A leader once elected is also granted a predetermined lease period. The leader can append entries to the log to extend the lease before it expires. To enforce leader singularity, secondaries are preventing from campaigning during the backoff period after observing a renewal. The lease granularity is at the shard level.

The paper includes this cryptic sentence without elaboration: "This [lease or leadership singularity] optimization improves read throughput and latency, but also improves write performance by reducing the total number of operations that must be handled through consensus [30]." The reasoning for the read throughput is clear because the leaseholding primary can serve linearizable/strong-consistency reads locally. Thanks to the lease, it is guaranteed that no other leader could have been elected and updated the data. But what should we make of "but also improves write performance". Is this due to avoiding a conditional put operation to the transaction log when you are the leader? This is unclear. While the writing in the paper is generally OK, it has this problem of assuming the reader has more context/information about the system then they do. And the lack of any description about the transaction log service makes the problem worse. (Update: see the postscript at the end of the post.)

For efficient recovery, MemoryDB relies on its durable snapshots stored in S3 rather than requiring a primary node. Recovering replicas fetch the latest snapshot and replay the log up to a recorded position to rebuild a recent data view. By making recovery snapshot-dominant and bounding the log replay, MemoryDB optimizes for faster restarts. Its monitoring service continuously tracks cluster data and snapshot freshness to trigger new snapshots when staleness exceeds thresholds.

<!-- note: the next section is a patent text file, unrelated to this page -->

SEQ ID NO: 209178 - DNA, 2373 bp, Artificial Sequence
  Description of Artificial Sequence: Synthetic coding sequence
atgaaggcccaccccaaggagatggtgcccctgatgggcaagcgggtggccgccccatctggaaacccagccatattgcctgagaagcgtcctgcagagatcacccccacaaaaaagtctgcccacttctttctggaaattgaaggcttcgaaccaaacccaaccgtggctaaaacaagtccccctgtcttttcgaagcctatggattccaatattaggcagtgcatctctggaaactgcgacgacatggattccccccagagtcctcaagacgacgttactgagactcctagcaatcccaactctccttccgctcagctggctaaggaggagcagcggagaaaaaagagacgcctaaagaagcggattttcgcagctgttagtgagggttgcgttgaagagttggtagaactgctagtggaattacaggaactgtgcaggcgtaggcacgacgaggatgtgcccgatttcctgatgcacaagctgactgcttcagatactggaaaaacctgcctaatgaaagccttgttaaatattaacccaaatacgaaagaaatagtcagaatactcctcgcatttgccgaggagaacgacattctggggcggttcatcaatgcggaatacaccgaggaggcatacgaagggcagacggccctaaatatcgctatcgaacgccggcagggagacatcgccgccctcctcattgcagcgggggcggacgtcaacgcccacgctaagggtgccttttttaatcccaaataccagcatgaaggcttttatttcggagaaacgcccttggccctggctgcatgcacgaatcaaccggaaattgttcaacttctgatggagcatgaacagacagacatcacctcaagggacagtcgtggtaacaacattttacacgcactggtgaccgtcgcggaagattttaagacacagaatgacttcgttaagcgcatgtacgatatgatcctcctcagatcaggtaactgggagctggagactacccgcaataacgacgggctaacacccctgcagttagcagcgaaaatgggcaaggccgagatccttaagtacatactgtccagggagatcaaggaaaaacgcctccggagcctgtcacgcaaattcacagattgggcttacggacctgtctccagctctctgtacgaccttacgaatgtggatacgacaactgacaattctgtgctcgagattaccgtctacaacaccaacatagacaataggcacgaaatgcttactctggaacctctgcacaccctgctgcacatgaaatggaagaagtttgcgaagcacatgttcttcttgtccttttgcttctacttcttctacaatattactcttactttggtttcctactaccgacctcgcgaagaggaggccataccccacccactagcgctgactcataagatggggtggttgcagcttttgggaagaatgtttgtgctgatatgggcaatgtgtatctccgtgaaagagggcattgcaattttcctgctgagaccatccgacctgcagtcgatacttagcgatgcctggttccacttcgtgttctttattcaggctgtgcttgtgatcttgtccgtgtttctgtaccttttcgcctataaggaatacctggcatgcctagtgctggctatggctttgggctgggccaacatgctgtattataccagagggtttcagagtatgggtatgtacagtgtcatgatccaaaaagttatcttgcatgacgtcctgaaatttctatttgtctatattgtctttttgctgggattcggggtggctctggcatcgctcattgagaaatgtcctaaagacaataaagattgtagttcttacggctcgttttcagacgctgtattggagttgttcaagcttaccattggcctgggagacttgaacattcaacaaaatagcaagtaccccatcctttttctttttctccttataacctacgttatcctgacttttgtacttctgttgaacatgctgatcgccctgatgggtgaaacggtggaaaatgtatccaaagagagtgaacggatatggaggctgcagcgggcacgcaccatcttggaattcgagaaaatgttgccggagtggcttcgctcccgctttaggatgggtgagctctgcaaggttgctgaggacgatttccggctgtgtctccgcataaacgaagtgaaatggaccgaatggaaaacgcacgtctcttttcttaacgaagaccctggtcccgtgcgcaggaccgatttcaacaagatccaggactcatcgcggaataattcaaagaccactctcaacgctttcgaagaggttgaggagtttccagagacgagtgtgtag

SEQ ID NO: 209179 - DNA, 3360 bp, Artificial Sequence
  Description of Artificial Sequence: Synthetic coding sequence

Evaluation

The performance of MemoryDB and open-source Redis (version 7.0.7) was evaluated across several Amazon EC2 Graviton3 instance types (r7g.large to r7g.16xlarge) using read-only, write-only, and mixed read-write workloads. The workloads were generated using redis-benchmark with 10 EC2 instances sending traffic to the databases, pre-filled with 1 million keys.

For read-only workloads, MemoryDB outperformed Redis across all instance types, leveraging its Enhanced IO multiplexing feature to aggregate multiple client connections into a single connection, which improves processing efficiency.